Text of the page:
Sales of respiratory masks go hog-wild

Sunday, May 31, 2009

HME providers were overrun in early May with consumers frantic to buy respiratory masks as protection against a potential swine flu epidemic.

“I have people on a waiting list,” said Michael Normand, a repair technician at Northshore Medical Supply in Houston, where the first death outside of Mexico was recorded. “Here in Texas, they are coming in from Mexico to buy them. One guy came in and spent $300 or $400 buying all my masks.”

At press time there were 2,500 confirmed cases of swine flu in the United States, with the majority in Texas, New York and California, according to the Centers for Disease Control and Prevention (CDC).

American Medical Equipment sold $5,000 worth of masks in one day through its retail store in Houston, said Sandra Hoskins, president.

“We got another order in yesterday at 9:15 and by 9:30 they were gone,” she said. “We ordered the last stock from one of our distributors - 92 boxes. She said those were the last available in the U.S.”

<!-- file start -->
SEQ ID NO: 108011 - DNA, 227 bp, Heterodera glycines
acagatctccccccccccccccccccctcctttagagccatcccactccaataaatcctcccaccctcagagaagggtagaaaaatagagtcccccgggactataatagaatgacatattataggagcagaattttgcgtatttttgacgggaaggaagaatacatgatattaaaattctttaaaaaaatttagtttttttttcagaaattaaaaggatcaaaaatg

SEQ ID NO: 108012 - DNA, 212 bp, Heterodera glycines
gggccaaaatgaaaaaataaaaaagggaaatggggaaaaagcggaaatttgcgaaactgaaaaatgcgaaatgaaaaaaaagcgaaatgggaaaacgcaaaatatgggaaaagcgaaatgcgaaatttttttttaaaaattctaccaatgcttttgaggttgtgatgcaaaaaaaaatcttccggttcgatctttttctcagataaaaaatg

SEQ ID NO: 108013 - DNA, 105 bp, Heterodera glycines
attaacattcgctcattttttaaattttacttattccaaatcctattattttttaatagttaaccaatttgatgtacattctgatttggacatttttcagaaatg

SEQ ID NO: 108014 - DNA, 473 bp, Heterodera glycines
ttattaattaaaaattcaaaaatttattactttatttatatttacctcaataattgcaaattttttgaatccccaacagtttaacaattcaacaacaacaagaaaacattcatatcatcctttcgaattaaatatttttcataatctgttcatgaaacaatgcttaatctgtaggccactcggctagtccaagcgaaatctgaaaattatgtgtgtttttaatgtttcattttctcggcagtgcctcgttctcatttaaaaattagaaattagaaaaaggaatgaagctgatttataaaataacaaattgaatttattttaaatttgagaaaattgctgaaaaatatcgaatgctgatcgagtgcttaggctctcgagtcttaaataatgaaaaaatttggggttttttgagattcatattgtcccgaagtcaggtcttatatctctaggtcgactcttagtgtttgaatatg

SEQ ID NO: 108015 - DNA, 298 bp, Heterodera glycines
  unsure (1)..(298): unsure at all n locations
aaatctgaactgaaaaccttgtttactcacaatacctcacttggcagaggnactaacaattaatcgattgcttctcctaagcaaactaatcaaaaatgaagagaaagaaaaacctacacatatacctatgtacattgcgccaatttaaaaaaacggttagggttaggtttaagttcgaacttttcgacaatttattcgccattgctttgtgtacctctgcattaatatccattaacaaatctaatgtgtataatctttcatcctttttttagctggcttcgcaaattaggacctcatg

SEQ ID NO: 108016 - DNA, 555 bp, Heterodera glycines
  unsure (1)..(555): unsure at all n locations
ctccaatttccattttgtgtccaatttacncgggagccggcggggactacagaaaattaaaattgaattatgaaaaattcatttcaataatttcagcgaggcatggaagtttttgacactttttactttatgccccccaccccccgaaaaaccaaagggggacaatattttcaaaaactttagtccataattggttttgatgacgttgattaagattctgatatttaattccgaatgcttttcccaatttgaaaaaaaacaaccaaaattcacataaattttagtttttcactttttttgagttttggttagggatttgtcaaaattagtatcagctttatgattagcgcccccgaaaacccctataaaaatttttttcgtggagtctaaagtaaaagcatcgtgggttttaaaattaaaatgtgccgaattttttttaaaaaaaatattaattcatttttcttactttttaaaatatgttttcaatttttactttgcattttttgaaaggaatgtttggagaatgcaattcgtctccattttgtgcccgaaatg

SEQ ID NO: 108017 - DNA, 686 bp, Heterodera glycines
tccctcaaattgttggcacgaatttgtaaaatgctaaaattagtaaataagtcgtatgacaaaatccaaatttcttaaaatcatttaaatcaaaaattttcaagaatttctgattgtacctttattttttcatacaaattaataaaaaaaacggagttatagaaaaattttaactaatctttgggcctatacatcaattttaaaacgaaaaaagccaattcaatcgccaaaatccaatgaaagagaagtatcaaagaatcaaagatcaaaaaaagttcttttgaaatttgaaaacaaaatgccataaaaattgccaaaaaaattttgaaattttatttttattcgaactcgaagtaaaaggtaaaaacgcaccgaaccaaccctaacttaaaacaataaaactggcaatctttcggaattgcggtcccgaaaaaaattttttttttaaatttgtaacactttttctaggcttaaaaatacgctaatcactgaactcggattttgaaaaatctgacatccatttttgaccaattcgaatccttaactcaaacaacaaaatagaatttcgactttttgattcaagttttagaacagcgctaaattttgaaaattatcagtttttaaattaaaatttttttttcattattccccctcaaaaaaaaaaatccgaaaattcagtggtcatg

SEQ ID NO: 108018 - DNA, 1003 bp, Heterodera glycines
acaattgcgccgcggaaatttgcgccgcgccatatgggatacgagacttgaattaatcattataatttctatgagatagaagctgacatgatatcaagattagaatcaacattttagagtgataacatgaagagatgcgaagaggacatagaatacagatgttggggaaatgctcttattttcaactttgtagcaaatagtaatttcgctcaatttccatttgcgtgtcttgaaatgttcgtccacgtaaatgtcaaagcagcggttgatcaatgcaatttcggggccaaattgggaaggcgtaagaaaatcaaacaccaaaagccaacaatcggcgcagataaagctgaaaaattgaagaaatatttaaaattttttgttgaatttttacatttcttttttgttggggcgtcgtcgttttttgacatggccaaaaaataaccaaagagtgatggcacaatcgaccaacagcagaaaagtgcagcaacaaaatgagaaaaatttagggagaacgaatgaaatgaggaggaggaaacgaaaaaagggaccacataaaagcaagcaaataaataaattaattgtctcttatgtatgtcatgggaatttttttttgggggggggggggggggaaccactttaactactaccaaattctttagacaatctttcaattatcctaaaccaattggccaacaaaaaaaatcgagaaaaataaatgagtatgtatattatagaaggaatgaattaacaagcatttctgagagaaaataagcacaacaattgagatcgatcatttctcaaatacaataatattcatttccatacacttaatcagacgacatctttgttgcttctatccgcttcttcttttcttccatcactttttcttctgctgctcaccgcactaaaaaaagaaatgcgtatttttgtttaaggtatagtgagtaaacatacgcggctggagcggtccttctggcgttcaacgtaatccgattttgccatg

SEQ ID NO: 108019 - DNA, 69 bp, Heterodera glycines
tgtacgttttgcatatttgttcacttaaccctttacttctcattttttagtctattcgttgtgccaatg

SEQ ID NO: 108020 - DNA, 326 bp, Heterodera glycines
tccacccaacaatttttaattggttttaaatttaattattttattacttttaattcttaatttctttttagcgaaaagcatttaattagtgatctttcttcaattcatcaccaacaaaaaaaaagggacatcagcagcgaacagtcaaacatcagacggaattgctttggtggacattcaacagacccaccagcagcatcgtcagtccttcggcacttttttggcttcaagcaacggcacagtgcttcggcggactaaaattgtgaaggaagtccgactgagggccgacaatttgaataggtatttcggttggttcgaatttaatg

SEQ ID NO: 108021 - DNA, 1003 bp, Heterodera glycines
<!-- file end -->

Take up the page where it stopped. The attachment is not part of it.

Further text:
Providers experienced similar increases in mask demand during other public health scares, including SARS and the bird flu.

Masks vary widely in price and clinical effectiveness. For example, the popular N95 respirator mask, which filters out microbial particles, retails for about $35.

“We ordered more masks as soon as they announced people should take precautions,” said Hoskins. “But a lot of this is hype. Historically, the swine flu has been very mild.”

Many distributors report that they are running low on masks and hand hygiene products.

“We are placing expedited orders to bring in additional supply, but availability will be product specific,” said Jerreau Beaudoin, director of communications for Medline. “At the same time, we are working diligently to uncover new sources to meet this spike.”

At Cobra Medical in Doral, Fla., near Miami, which had suspected cases of swine flu, provider Jack Marquez stopped selling masks in order to ensure he had enough for his employees.

“We’ve activated our infection control policy,” said Marquez, company president. “Our drivers are going out with masks on site visits. This is an area with a high Hispanic population with a lot of people coming in and out of Mexico all the time.”